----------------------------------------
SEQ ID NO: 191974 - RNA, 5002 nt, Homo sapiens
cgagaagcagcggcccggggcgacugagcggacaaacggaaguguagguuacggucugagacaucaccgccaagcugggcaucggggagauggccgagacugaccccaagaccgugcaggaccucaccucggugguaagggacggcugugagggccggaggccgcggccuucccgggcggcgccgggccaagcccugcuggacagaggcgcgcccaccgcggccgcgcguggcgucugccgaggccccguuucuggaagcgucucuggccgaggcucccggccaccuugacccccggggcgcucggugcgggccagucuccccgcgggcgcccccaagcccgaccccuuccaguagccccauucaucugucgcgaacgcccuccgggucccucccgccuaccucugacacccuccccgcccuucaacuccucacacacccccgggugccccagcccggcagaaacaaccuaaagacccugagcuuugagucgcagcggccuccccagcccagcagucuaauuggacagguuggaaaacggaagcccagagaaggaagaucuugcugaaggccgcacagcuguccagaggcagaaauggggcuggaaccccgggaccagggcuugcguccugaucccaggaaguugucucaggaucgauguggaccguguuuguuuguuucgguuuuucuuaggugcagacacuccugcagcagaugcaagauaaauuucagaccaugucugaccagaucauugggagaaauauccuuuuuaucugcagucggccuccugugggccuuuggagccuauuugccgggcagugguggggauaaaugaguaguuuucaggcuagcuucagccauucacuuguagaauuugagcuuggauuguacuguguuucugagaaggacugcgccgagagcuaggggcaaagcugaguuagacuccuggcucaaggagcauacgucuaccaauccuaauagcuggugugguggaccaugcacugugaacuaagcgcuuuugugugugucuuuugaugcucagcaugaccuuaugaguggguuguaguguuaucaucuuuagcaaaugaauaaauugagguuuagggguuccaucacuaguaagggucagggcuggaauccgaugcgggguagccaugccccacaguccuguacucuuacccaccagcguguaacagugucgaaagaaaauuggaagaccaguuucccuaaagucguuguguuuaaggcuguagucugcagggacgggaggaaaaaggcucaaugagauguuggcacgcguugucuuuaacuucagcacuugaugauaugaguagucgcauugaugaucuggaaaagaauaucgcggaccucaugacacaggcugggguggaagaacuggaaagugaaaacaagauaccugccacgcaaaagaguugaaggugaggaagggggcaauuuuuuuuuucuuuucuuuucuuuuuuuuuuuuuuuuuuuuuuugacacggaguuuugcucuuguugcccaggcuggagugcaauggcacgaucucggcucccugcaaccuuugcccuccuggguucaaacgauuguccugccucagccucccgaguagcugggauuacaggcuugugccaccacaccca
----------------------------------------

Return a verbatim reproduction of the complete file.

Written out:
SEQ ID NO: 191974 - RNA, 5002 nt, Homo sapiens
cgagaagcagcggcccggggcgacugagcggacaaacggaaguguagguuacggucugagacaucaccgccaagcugggcaucggggagauggccgagacugaccccaagaccgugcaggaccucaccucggugguaagggacggcugugagggccggaggccgcggccuucccgggcggcgccgggccaagcccugcuggacagaggcgcgcccaccgcggccgcgcguggcgucugccgaggccccguuucuggaagcgucucuggccgaggcucccggccaccuugacccccggggcgcucggugcgggccagucuccccgcgggcgcccccaagcccgaccccuuccaguagccccauucaucugucgcgaacgcccuccgggucccucccgccuaccucugacacccuccccgcccuucaacuccucacacacccccgggugccccagcccggcagaaacaaccuaaagacccugagcuuugagucgcagcggccuccccagcccagcagucuaauuggacagguuggaaaacggaagcccagagaaggaagaucuugcugaaggccgcacagcuguccagaggcagaaauggggcuggaaccccgggaccagggcuugcguccugaucccaggaaguugucucaggaucgauguggaccguguuuguuuguuucgguuuuucuuaggugcagacacuccugcagcagaugcaagauaaauuucagaccaugucugaccagaucauugggagaaauauccuuuuuaucugcagucggccuccugugggccuuuggagccuauuugccgggcagugguggggauaaaugaguaguuuucaggcuagcuucagccauucacuuguagaauuugagcuuggauuguacuguguuucugagaaggacugcgccgagagcuaggggcaaagcugaguuagacuccuggcucaaggagcauacgucuaccaauccuaauagcuggugugguggaccaugcacugugaacuaagcgcuuuugugugugucuuuugaugcucagcaugaccuuaugaguggguuguaguguuaucaucuuuagcaaaugaauaaauugagguuuagggguuccaucacuaguaagggucagggcuggaauccgaugcgggguagccaugccccacaguccuguacucuuacccaccagcguguaacagugucgaaagaaaauuggaagaccaguuucccuaaagucguuguguuuaaggcuguagucugcagggacgggaggaaaaaggcucaaugagauguuggcacgcguugucuuuaacuucagcacuugaugauaugaguagucgcauugaugaucuggaaaagaauaucgcggaccucaugacacaggcugggguggaagaacuggaaagugaaaacaagauaccugccacgcaaaagaguugaaggugaggaagggggcaauuuuuuuuuucuuuucuuuucuuuuuuuuuuuuuuuuuuuuuuugacacggaguuuugcucuuguugcccaggcuggagugcaauggcacgaucucggcucccugcaaccuuugcccuccuggguucaaacgauuguccugccucagccucccgaguagcugggauuacaggcuugugccaccacaccca